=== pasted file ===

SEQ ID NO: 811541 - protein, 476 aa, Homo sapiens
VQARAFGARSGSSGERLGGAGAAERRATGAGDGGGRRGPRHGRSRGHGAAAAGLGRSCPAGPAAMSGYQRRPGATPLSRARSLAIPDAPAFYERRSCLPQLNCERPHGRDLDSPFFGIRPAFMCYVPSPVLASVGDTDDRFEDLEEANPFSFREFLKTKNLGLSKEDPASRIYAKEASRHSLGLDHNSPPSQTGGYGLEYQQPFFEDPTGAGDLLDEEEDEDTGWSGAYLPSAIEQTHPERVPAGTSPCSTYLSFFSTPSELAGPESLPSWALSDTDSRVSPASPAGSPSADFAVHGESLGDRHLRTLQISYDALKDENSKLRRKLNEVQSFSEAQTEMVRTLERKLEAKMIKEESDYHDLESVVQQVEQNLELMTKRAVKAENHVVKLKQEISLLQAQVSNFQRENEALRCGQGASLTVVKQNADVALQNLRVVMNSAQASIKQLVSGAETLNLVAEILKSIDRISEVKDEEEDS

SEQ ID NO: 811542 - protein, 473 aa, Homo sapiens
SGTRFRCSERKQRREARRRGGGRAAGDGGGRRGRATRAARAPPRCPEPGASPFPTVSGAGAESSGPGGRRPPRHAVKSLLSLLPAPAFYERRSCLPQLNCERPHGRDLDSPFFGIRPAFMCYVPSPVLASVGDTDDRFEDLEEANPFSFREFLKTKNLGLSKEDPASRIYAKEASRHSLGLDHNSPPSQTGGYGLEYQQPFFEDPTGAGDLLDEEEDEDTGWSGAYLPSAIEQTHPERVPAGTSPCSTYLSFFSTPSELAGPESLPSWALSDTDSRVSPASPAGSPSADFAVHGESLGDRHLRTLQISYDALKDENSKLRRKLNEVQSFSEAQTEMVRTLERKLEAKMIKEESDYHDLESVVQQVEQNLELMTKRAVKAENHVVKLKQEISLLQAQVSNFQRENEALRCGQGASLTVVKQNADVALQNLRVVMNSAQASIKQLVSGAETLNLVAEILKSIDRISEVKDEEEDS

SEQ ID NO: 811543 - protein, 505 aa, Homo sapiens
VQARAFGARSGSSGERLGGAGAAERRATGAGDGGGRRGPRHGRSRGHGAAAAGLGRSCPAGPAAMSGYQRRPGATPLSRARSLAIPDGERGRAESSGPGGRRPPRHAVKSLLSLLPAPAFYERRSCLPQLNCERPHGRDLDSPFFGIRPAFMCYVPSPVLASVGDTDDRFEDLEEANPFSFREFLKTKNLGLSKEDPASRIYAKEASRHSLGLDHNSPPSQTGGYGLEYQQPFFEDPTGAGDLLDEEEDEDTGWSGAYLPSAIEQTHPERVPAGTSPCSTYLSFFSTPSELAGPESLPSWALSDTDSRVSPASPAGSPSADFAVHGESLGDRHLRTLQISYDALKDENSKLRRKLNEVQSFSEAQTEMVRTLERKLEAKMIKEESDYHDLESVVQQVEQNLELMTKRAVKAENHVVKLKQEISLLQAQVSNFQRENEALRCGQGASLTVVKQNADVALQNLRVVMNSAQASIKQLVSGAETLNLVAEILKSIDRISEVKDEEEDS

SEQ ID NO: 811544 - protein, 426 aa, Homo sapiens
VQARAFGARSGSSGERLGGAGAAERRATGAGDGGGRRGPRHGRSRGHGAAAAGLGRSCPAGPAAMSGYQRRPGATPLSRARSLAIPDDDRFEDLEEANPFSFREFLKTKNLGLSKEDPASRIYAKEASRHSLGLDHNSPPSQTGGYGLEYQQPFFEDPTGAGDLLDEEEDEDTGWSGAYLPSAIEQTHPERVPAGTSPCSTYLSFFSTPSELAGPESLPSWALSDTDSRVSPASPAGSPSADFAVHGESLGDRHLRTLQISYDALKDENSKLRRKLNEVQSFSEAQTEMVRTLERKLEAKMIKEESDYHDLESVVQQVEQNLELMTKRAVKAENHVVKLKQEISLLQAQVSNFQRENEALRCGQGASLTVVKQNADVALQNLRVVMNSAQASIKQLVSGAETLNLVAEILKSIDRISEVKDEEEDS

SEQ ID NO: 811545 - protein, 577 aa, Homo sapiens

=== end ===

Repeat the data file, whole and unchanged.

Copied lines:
SEQ ID NO: 811541 - protein, 476 aa, Homo sapiens
VQARAFGARSGSSGERLGGAGAAERRATGAGDGGGRRGPRHGRSRGHGAAAAGLGRSCPAGPAAMSGYQRRPGATPLSRARSLAIPDAPAFYERRSCLPQLNCERPHGRDLDSPFFGIRPAFMCYVPSPVLASVGDTDDRFEDLEEANPFSFREFLKTKNLGLSKEDPASRIYAKEASRHSLGLDHNSPPSQTGGYGLEYQQPFFEDPTGAGDLLDEEEDEDTGWSGAYLPSAIEQTHPERVPAGTSPCSTYLSFFSTPSELAGPESLPSWALSDTDSRVSPASPAGSPSADFAVHGESLGDRHLRTLQISYDALKDENSKLRRKLNEVQSFSEAQTEMVRTLERKLEAKMIKEESDYHDLESVVQQVEQNLELMTKRAVKAENHVVKLKQEISLLQAQVSNFQRENEALRCGQGASLTVVKQNADVALQNLRVVMNSAQASIKQLVSGAETLNLVAEILKSIDRISEVKDEEEDS

SEQ ID NO: 811542 - protein, 473 aa, Homo sapiens
SGTRFRCSERKQRREARRRGGGRAAGDGGGRRGRATRAARAPPRCPEPGASPFPTVSGAGAESSGPGGRRPPRHAVKSLLSLLPAPAFYERRSCLPQLNCERPHGRDLDSPFFGIRPAFMCYVPSPVLASVGDTDDRFEDLEEANPFSFREFLKTKNLGLSKEDPASRIYAKEASRHSLGLDHNSPPSQTGGYGLEYQQPFFEDPTGAGDLLDEEEDEDTGWSGAYLPSAIEQTHPERVPAGTSPCSTYLSFFSTPSELAGPESLPSWALSDTDSRVSPASPAGSPSADFAVHGESLGDRHLRTLQISYDALKDENSKLRRKLNEVQSFSEAQTEMVRTLERKLEAKMIKEESDYHDLESVVQQVEQNLELMTKRAVKAENHVVKLKQEISLLQAQVSNFQRENEALRCGQGASLTVVKQNADVALQNLRVVMNSAQASIKQLVSGAETLNLVAEILKSIDRISEVKDEEEDS

SEQ ID NO: 811543 - protein, 505 aa, Homo sapiens
VQARAFGARSGSSGERLGGAGAAERRATGAGDGGGRRGPRHGRSRGHGAAAAGLGRSCPAGPAAMSGYQRRPGATPLSRARSLAIPDGERGRAESSGPGGRRPPRHAVKSLLSLLPAPAFYERRSCLPQLNCERPHGRDLDSPFFGIRPAFMCYVPSPVLASVGDTDDRFEDLEEANPFSFREFLKTKNLGLSKEDPASRIYAKEASRHSLGLDHNSPPSQTGGYGLEYQQPFFEDPTGAGDLLDEEEDEDTGWSGAYLPSAIEQTHPERVPAGTSPCSTYLSFFSTPSELAGPESLPSWALSDTDSRVSPASPAGSPSADFAVHGESLGDRHLRTLQISYDALKDENSKLRRKLNEVQSFSEAQTEMVRTLERKLEAKMIKEESDYHDLESVVQQVEQNLELMTKRAVKAENHVVKLKQEISLLQAQVSNFQRENEALRCGQGASLTVVKQNADVALQNLRVVMNSAQASIKQLVSGAETLNLVAEILKSIDRISEVKDEEEDS

SEQ ID NO: 811544 - protein, 426 aa, Homo sapiens
VQARAFGARSGSSGERLGGAGAAERRATGAGDGGGRRGPRHGRSRGHGAAAAGLGRSCPAGPAAMSGYQRRPGATPLSRARSLAIPDDDRFEDLEEANPFSFREFLKTKNLGLSKEDPASRIYAKEASRHSLGLDHNSPPSQTGGYGLEYQQPFFEDPTGAGDLLDEEEDEDTGWSGAYLPSAIEQTHPERVPAGTSPCSTYLSFFSTPSELAGPESLPSWALSDTDSRVSPASPAGSPSADFAVHGESLGDRHLRTLQISYDALKDENSKLRRKLNEVQSFSEAQTEMVRTLERKLEAKMIKEESDYHDLESVVQQVEQNLELMTKRAVKAENHVVKLKQEISLLQAQVSNFQRENEALRCGQGASLTVVKQNADVALQNLRVVMNSAQASIKQLVSGAETLNLVAEILKSIDRISEVKDEEEDS

SEQ ID NO: 811545 - protein, 577 aa, Homo sapiens